The Problem: The "opportunity" that Tengo was offered is not quite above board. The short novel he is to ghostwrite was already written once by a beautiful, but strange and enigmatic young girl. Unfortunately, the first draft is not ready for the general public, but the story is compelling. Tengo's unscrupulous editor has the idea to have Tengo rewrite the story so it can be submitted for a prestigious literary prize. Needless to say, if the general public were to find out, it could lead to problems for everyone involved. As it turns out, this would be the least of their worries. Unbeknownst to Tengo and his editor, the publication of the book lets out the secrets of a local organization that they would have rather kept hidden, and now Tengo has drawn their unwanted attention. As for Aomame, she becomes involved in her own scandal as her wealthy benefactor gives her an assignment that will, at the very least, cause her to give up her life as she knows it, and at the most, cause her to lose it completely.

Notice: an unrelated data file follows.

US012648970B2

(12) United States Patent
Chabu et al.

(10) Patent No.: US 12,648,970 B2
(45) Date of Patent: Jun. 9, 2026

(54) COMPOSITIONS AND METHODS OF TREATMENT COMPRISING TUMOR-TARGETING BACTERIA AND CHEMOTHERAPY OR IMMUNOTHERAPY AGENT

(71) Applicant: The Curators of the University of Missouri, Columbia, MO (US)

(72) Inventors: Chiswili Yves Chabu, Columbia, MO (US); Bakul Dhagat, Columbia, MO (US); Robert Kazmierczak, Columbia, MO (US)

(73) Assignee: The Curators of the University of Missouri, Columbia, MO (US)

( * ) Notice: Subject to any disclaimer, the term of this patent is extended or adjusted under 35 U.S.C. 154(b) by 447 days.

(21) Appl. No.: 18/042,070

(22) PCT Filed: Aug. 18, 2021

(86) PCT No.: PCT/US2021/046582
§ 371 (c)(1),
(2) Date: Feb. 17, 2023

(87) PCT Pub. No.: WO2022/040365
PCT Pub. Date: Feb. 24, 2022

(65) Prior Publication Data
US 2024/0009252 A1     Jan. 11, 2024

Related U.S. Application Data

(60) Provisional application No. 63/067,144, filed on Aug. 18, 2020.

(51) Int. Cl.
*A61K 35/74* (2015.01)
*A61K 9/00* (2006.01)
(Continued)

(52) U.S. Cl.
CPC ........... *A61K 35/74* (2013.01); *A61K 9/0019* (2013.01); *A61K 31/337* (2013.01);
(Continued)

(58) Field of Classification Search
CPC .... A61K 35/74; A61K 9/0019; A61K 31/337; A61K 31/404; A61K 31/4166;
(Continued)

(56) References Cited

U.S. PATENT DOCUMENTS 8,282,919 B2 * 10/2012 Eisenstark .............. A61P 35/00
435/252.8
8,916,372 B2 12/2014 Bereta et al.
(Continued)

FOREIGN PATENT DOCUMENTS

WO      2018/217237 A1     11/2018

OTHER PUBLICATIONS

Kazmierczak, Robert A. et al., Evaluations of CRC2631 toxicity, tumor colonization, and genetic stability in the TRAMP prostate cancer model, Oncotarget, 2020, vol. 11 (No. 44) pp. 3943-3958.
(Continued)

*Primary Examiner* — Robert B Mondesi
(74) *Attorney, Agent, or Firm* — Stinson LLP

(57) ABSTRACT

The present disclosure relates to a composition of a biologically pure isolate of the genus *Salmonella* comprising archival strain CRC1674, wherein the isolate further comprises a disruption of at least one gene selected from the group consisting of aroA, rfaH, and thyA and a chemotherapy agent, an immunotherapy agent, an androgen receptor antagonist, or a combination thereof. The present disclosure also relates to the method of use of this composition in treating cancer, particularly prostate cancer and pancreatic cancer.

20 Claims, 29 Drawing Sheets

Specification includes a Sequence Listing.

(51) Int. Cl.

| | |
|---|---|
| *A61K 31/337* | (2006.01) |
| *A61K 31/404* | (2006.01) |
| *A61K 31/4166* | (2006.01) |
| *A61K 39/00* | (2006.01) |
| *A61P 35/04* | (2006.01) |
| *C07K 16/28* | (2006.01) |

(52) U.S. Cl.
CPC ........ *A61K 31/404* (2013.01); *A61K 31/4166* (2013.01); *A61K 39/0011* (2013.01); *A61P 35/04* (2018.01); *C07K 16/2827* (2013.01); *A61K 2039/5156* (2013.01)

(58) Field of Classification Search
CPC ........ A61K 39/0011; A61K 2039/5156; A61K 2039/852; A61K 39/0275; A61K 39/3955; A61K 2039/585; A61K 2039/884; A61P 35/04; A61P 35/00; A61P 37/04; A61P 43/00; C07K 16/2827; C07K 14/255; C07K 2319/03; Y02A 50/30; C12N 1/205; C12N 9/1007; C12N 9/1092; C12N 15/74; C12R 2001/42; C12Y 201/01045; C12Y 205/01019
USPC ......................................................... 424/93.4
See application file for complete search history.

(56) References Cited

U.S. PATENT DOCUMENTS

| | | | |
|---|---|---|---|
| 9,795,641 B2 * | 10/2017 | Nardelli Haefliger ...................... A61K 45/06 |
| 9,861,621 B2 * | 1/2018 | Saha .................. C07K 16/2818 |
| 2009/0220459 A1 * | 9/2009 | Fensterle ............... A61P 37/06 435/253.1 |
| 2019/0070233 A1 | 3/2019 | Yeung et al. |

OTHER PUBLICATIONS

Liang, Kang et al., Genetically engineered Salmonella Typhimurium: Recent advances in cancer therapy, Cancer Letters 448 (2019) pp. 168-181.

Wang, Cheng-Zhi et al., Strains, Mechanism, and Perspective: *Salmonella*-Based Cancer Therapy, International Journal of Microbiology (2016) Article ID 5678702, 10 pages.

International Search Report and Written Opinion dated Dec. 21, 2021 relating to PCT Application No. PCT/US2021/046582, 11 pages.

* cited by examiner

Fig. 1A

As if all of that wasn't enough, Aomame has become convinced that she has entered some sort of alternate reality that she has started to call 1Q84, as opposed to the actual year it should be, 1984. How she entered this alternate reality, she isn't sure, and she is even less sure how to get back.